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Deregulation Ahead for NC Power Companies?

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RALEIGH — Every month a chunk of your hard-earned money probably goes to pay your power bill.

There's talk of increasing competition between electric companies, which could save you money in the long run.

As consumers we have millions of choices. Coke or Pepsi? Ford or Chevy? McDonald's or Burger King?

But when it comes to electricity, we deal with a monopoly, where one price fits all. That's why there are a number of studies looking at changing the way we buy power in North Carolina.

Deregulating North Carolina's power industry could save consumers $17 a month on their household electric bills.

That's an average. A study by N.C. State University economist Michael Walden says competition could drive down prices.

"We could see rates go down by somewhere in the neighborhood of -- well, it depends on the county -- but somewhere in the neighborhood of 15 to 20 percent."

Of course, Walden says there's a catch with this electric deregulation. He says at first our rates may have to go up by about 2 percent.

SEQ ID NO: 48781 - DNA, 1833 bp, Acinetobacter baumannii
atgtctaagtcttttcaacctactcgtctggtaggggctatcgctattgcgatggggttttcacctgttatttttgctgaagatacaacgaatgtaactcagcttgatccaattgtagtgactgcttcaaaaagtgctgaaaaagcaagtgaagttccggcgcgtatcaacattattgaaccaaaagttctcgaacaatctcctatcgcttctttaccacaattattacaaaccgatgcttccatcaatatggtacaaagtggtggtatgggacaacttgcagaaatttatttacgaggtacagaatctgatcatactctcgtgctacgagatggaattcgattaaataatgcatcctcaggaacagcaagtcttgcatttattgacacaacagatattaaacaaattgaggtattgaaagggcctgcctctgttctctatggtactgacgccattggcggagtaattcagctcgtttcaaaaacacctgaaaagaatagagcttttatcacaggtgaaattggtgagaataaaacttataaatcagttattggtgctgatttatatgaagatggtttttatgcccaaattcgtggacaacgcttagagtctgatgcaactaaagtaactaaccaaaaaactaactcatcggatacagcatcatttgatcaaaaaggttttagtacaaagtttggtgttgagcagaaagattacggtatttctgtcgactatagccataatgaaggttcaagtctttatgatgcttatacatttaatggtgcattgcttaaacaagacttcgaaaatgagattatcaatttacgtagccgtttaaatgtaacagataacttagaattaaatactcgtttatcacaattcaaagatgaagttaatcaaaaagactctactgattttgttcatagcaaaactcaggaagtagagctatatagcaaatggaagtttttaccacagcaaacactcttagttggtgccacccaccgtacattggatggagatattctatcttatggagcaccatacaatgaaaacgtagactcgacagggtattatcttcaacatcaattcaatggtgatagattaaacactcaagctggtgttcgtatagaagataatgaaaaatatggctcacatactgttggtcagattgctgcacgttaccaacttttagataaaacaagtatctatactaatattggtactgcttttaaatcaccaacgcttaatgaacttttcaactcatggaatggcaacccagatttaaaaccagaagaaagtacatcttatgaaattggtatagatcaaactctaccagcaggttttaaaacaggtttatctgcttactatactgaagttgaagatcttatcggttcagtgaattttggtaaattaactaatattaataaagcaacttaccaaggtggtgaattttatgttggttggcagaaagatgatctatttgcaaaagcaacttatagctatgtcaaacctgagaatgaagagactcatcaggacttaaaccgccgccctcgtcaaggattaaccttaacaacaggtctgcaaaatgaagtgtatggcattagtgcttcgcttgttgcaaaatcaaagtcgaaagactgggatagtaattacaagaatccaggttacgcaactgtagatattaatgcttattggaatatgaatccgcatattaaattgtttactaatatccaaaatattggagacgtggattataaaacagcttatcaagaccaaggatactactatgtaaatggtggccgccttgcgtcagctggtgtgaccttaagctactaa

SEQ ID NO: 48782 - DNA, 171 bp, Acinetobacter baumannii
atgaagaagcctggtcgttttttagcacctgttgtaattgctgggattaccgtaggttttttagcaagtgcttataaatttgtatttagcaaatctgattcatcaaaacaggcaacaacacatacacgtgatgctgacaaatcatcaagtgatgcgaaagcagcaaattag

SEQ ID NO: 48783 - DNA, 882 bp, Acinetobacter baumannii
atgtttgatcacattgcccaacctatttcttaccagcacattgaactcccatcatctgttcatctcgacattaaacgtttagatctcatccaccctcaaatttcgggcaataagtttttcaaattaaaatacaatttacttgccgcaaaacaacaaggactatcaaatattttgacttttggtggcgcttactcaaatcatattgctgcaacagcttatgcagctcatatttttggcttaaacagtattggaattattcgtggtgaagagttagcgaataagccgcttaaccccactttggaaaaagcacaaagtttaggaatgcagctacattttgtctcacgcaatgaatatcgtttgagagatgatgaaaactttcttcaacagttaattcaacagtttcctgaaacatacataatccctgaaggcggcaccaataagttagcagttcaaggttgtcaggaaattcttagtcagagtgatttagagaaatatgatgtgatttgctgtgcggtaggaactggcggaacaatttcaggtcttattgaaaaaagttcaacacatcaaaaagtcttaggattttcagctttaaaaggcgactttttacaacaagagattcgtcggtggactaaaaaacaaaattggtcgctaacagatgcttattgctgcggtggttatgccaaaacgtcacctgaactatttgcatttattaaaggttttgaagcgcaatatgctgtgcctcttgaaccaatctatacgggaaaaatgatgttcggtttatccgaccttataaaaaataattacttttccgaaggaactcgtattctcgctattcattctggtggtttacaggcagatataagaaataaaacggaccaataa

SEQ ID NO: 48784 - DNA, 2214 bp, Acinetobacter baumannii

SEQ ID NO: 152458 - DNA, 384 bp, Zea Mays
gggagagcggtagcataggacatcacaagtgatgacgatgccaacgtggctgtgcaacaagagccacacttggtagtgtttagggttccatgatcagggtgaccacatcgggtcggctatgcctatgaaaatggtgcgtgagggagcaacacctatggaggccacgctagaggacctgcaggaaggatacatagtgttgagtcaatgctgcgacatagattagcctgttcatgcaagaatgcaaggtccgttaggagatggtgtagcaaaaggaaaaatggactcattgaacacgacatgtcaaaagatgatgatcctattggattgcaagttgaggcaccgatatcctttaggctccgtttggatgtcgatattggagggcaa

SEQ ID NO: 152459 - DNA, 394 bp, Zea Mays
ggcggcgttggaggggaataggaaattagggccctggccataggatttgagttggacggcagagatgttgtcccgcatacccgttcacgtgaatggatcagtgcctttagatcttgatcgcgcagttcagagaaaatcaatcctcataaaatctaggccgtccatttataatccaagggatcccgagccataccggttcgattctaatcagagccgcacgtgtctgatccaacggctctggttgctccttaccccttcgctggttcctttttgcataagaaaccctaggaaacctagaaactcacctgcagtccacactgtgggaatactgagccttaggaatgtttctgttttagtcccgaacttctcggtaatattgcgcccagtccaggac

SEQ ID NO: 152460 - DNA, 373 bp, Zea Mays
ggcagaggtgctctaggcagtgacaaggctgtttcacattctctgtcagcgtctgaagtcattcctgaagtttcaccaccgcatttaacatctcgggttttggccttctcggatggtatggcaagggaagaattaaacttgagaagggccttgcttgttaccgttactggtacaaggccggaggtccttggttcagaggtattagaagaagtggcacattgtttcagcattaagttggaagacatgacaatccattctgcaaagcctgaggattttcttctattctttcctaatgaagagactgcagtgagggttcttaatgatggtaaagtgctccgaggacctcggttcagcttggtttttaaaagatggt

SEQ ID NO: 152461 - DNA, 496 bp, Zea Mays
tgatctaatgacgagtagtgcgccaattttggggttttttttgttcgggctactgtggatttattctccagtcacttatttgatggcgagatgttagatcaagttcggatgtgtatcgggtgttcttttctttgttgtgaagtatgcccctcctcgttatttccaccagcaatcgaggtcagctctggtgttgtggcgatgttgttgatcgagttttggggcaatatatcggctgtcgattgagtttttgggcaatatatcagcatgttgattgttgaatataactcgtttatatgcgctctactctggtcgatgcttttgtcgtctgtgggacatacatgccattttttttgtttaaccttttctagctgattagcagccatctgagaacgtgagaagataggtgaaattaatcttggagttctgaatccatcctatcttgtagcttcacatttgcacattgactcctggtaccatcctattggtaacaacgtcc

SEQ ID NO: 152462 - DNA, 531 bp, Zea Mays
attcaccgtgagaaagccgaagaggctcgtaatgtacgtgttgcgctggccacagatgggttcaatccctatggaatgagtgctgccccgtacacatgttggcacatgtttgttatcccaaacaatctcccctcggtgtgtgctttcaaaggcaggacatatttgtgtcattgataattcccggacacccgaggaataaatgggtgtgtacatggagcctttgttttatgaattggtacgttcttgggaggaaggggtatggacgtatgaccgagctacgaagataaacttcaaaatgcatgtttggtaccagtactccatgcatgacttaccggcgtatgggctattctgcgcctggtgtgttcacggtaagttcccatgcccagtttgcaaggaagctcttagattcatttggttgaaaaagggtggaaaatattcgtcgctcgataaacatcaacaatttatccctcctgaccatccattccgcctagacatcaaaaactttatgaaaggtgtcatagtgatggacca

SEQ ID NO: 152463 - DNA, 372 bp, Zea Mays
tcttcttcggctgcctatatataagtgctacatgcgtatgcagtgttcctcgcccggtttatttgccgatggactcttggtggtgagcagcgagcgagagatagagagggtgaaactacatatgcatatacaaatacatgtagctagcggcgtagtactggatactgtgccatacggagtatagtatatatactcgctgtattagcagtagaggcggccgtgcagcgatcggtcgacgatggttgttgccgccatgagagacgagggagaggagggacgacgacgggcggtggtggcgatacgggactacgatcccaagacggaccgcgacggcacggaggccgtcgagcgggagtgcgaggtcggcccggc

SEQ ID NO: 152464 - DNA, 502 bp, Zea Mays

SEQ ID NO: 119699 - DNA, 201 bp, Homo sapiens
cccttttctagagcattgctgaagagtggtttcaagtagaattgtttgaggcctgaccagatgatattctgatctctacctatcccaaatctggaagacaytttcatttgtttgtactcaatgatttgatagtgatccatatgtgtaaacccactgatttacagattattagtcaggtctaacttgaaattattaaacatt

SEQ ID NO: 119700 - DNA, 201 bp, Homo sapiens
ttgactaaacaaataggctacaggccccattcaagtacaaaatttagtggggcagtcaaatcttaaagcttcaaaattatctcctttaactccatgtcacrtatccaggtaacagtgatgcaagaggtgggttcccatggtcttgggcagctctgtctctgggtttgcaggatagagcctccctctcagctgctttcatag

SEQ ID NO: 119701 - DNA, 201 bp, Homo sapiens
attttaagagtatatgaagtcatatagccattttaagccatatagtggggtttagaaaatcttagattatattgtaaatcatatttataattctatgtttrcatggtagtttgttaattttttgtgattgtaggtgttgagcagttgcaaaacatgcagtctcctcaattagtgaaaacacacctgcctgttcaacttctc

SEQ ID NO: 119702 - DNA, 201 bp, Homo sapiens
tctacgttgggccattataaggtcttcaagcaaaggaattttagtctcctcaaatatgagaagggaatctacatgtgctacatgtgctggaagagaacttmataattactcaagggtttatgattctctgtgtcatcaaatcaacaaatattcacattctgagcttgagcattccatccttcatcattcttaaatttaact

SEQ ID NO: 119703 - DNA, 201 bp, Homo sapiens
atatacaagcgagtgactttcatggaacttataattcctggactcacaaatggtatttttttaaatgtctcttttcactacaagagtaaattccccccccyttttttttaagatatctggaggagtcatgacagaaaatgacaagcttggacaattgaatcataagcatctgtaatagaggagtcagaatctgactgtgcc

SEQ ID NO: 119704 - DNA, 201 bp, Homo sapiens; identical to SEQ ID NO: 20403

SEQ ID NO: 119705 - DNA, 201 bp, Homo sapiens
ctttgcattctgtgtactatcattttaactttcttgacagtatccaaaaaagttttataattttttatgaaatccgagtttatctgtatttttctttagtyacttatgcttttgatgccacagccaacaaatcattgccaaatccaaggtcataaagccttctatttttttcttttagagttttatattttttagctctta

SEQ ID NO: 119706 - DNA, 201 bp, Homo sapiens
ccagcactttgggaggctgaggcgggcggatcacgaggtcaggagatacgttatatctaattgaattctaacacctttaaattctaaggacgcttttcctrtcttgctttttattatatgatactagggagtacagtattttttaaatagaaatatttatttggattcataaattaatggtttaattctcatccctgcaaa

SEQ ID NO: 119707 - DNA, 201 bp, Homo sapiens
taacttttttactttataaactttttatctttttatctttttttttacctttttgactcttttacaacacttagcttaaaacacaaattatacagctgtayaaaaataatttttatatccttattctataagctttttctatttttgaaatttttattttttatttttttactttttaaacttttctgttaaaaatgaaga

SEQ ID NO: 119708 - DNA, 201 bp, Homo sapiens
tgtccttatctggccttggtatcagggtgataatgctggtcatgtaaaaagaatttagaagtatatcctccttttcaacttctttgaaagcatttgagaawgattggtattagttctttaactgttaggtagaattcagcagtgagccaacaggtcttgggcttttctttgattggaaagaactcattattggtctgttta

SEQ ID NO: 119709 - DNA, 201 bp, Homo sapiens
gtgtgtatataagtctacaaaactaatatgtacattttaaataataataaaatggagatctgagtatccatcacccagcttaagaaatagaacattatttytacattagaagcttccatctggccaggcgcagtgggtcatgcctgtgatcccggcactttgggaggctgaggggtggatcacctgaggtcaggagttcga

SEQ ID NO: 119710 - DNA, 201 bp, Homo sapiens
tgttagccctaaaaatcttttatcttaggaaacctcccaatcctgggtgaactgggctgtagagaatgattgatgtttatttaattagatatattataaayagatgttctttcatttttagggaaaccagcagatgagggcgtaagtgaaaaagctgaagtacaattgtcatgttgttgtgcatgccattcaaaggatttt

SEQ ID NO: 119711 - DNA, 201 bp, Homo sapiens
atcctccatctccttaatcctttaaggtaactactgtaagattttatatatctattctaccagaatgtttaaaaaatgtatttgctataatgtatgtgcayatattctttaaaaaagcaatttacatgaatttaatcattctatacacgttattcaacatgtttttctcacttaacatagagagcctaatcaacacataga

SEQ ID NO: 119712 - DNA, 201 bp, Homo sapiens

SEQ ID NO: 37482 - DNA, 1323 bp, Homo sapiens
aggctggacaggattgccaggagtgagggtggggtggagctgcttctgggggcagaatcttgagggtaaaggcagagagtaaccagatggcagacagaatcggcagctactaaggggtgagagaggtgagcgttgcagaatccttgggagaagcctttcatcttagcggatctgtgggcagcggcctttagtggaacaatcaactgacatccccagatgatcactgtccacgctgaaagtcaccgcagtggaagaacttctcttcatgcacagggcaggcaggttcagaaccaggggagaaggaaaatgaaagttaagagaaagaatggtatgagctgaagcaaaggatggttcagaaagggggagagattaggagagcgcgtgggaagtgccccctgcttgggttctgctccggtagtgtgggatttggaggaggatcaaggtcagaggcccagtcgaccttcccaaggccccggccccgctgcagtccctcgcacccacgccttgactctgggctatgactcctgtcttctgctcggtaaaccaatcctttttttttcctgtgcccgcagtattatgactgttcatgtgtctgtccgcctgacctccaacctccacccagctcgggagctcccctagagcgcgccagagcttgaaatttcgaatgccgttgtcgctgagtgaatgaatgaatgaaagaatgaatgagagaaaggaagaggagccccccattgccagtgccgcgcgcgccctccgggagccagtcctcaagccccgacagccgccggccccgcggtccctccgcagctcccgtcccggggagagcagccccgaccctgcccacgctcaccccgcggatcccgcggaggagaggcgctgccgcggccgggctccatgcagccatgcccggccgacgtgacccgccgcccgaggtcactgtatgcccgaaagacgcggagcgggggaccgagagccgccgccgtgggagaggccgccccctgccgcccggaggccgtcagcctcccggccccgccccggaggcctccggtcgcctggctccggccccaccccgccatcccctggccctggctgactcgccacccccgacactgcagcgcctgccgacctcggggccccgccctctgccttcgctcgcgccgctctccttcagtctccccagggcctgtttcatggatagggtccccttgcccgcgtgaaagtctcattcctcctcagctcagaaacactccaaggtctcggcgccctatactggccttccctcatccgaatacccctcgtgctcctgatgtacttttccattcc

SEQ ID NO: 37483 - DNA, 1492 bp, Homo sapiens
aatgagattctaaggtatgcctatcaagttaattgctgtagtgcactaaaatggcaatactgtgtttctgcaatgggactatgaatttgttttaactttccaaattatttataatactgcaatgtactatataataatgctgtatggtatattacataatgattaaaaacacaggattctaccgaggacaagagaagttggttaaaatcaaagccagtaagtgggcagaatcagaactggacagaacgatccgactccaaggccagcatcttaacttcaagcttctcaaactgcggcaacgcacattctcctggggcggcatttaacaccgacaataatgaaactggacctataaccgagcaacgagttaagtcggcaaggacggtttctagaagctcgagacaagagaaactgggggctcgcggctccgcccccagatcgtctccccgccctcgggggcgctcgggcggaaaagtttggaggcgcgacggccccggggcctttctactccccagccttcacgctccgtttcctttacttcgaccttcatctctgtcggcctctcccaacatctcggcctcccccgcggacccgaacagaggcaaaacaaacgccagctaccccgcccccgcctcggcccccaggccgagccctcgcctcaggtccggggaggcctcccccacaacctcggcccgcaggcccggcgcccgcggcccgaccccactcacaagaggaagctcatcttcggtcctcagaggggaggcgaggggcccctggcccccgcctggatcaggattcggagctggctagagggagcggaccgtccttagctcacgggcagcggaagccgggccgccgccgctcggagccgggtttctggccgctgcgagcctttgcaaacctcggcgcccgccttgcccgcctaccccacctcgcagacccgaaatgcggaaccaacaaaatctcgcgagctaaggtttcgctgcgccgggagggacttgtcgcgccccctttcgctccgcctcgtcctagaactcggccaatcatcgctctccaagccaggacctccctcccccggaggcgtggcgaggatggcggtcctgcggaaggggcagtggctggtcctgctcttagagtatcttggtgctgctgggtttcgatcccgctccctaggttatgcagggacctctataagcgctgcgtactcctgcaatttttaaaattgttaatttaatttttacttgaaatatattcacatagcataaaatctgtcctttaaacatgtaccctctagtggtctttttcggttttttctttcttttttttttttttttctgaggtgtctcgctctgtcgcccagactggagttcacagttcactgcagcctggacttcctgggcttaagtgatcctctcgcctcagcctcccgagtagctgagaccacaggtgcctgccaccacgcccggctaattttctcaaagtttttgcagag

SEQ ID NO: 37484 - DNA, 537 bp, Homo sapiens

That's to help pay off the debt for the construction of several nuclear power plants in North Carolina. Twenty years ago, dozens of municipal power companies agreed to chip in billions of dollars to build them. Before anyone gets to deregulate the industry, they want that debt paid off.

"We can't lower our rates because we have to pay on this debt. So there's no chance of us lowering the rate as long as we have the debt. So we will lose our customers under customer choice, cause naturally they will go to whoever has the best rate," says Apex Town Manager Tom Sutton.

The risk to municipal power companies is one of the reasons legislators are proceeding so carefully on deregulation, in spite of the potential consumer cost savings.

"I would say this is probably the most complicated and complex issue that the legislature will be asked to deal with -- maybe ever," says David Hoyle, a Democrat from Gaston County.

There's another reason behind North Carolina's interest in electric deregulation.

It's happening right next door in both Virginia and South Carolina.

There are concerns that could cost us jobs, as employers move to our neighboring states.


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